Ancillary Justice – Book Review


Ancillary Justice by Anne Leckie

This book one of a three part series. Read this book first, then the next two, for Ancillary Justice sets up the other two. The world created by Ann Leckie is not one that will be familiar to most readers, even those who read primarily science fiction. Part of it is Leckie’s writing style that to this reader seemed a lot like Ayn Rand. It is terse prose that admits little feeling even though there is a lot of emotion under the surface. I felt detached from the narrative the entire time, though it is well-plotted and the characters, some human, some machine or robotic-like, some a mix are complex.

Another aspect is that the characters are somewhat different than and also somewhat similar to others in science fiction novels and story lines (such as Star Trek) — machines and ships are able to form human-like attachments to their masters; they have feeling;

some of the machines were once humans and for all the world look human;

there is a lack of the use of gender in one of the worlds (the Radch) but yet the protagonist, an ancillary (Justice of Toren aka Breq) refers to other characters sometimes as she or he which can be confusing until you learn to read past the switch in pronouns; and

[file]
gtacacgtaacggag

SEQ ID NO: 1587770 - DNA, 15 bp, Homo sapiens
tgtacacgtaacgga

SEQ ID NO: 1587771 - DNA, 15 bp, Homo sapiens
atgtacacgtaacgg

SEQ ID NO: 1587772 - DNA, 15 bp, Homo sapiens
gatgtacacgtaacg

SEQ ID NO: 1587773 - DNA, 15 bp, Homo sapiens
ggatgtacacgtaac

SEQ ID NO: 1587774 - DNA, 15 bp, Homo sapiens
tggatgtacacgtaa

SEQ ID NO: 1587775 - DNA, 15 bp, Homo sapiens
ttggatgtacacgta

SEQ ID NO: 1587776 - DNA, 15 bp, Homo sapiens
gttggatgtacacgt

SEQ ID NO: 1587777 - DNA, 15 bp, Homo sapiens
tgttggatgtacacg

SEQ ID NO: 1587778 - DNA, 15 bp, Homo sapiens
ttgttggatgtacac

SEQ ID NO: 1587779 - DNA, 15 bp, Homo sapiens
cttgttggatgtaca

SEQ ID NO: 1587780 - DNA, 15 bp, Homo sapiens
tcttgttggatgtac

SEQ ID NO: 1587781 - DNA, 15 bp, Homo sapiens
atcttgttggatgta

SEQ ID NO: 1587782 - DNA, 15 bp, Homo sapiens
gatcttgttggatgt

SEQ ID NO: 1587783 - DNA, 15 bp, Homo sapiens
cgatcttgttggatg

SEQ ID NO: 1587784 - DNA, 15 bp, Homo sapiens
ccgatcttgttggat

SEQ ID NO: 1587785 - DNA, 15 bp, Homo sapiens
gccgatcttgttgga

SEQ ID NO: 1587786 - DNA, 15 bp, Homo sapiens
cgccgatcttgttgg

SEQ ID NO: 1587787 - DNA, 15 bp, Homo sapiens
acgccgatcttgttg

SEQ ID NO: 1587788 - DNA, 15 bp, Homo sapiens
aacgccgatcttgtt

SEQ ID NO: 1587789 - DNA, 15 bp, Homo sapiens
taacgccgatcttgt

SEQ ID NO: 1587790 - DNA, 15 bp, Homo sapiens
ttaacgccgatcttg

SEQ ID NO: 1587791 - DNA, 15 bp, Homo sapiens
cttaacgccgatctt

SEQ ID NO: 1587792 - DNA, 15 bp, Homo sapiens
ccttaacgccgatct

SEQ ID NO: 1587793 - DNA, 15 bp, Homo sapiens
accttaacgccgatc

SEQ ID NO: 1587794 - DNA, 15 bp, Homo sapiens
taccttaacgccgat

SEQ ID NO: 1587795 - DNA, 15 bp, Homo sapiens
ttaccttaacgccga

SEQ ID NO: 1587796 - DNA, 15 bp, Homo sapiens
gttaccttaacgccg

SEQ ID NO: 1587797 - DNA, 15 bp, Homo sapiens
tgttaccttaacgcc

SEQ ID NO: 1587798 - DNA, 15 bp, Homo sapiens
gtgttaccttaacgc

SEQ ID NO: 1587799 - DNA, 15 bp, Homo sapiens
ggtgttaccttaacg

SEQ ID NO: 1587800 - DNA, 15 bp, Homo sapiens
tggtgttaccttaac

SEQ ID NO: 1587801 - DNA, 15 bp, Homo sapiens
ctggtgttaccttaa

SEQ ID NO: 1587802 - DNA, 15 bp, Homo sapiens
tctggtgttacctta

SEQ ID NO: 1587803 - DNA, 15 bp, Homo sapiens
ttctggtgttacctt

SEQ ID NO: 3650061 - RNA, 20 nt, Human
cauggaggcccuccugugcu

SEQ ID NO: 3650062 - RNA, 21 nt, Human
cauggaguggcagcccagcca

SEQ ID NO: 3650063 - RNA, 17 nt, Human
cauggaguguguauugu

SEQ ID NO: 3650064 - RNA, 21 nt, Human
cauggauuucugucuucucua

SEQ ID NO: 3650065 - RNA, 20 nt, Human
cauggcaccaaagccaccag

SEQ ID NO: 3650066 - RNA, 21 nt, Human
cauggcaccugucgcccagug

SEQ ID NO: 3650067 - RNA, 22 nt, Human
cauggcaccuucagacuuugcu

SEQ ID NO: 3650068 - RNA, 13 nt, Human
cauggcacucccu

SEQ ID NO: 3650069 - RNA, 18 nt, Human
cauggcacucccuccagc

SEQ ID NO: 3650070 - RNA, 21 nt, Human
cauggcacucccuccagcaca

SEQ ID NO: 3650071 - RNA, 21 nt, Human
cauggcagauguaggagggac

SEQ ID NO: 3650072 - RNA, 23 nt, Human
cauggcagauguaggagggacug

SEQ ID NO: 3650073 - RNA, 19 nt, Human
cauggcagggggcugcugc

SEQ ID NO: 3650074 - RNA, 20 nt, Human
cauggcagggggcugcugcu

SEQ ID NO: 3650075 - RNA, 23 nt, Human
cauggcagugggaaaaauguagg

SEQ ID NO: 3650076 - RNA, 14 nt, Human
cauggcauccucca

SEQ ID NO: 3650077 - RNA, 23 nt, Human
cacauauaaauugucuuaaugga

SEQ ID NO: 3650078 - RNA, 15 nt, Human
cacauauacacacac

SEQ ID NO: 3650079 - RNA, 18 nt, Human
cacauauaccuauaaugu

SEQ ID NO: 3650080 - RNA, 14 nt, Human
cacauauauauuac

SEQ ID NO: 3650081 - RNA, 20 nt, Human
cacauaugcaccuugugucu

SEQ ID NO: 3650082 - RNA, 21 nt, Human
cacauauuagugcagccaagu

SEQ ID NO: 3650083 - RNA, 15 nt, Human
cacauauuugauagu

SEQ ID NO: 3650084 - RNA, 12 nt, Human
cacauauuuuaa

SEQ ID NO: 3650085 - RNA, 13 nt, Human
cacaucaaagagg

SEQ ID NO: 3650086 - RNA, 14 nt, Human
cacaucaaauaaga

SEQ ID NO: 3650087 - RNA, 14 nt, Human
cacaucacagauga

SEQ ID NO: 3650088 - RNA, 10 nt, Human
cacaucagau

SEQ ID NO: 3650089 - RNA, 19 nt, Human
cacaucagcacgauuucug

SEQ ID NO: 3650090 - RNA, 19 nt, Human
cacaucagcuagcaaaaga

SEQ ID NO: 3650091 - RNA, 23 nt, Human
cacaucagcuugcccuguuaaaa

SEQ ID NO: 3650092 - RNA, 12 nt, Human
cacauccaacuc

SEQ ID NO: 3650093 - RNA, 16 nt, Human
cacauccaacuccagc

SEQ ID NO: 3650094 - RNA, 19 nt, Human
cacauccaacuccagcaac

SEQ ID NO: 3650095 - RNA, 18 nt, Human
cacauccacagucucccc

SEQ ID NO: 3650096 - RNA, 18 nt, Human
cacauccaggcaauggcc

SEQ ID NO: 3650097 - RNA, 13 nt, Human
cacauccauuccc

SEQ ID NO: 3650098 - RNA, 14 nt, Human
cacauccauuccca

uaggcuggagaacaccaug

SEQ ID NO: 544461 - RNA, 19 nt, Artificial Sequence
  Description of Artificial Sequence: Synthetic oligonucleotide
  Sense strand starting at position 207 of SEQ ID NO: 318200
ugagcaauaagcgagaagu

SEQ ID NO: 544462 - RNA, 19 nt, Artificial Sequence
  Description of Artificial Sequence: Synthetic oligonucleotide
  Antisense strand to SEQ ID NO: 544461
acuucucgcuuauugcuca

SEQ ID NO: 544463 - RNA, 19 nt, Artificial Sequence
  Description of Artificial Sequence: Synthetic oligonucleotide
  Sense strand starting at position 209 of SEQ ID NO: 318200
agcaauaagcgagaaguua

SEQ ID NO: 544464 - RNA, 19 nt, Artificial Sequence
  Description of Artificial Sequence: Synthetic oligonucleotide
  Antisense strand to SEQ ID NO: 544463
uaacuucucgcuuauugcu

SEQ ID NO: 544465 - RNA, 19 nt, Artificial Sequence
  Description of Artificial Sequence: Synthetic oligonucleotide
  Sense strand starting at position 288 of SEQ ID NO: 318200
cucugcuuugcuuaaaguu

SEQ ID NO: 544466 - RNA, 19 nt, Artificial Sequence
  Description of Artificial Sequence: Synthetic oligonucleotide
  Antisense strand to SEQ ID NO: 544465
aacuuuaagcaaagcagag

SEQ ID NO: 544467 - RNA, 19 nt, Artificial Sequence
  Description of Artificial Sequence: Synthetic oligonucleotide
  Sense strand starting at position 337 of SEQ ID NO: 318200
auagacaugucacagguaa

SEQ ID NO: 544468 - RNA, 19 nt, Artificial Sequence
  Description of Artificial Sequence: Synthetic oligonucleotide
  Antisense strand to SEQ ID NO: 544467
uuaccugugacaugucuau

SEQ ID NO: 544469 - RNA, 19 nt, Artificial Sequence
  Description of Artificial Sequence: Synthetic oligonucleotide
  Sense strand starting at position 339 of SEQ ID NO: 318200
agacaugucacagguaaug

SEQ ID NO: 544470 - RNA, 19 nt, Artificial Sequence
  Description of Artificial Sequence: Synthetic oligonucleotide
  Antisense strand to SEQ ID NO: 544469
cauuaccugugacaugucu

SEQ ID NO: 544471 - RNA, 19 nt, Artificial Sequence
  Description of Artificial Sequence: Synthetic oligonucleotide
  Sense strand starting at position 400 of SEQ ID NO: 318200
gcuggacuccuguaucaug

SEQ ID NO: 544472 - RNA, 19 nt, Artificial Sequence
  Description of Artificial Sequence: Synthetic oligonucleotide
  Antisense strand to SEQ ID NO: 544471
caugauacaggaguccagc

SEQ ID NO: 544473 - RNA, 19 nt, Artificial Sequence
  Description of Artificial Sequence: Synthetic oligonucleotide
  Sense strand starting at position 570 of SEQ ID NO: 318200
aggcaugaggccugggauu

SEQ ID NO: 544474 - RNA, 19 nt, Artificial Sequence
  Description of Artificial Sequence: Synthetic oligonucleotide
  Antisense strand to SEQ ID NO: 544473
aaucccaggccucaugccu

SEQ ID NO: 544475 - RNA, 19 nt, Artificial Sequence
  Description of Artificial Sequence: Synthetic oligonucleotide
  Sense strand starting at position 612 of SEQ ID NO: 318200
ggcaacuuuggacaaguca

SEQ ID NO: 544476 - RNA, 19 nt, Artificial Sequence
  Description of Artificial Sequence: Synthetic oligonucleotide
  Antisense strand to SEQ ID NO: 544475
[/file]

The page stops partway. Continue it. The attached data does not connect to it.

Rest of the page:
there exist multiples of humans and ancillaries that can be, and are in, different places at the same time, connected to each other (in a way like the Borg on Star Trek, but the collective in Ancillary Justice is not a homogeneous one-mind controlling all bodies) though not in all ways and they can be disconnected from each other and still function, even contrarily to each other.

The plot boils down to Justice of Toren seeking to obtain justice after her master, a Lieutenant An is ordered executed by the Lord of the Radch. Justice of Toren is the executioner. The rest of the book is what led up to Justice of Toren’s master being executed. The reader however doesn’t start out knowing any of this when the story opens. There is a flow, a mixed up one that goes back and forth between present and past but it makes the narrative great.

Ancillary Justice is an entertaining read (or listen-to in my case). Given the above, it is however not a light easy read. There are also slight nuances that the author puts in that are critical to the rest of the story. Read it slowly and deliberately.




This guest review was contributed by Read Susan Berry. Her profession as a lawyer gives her an eye for detail. She reviews and compares books, occasionally posting additional articles regarding them.

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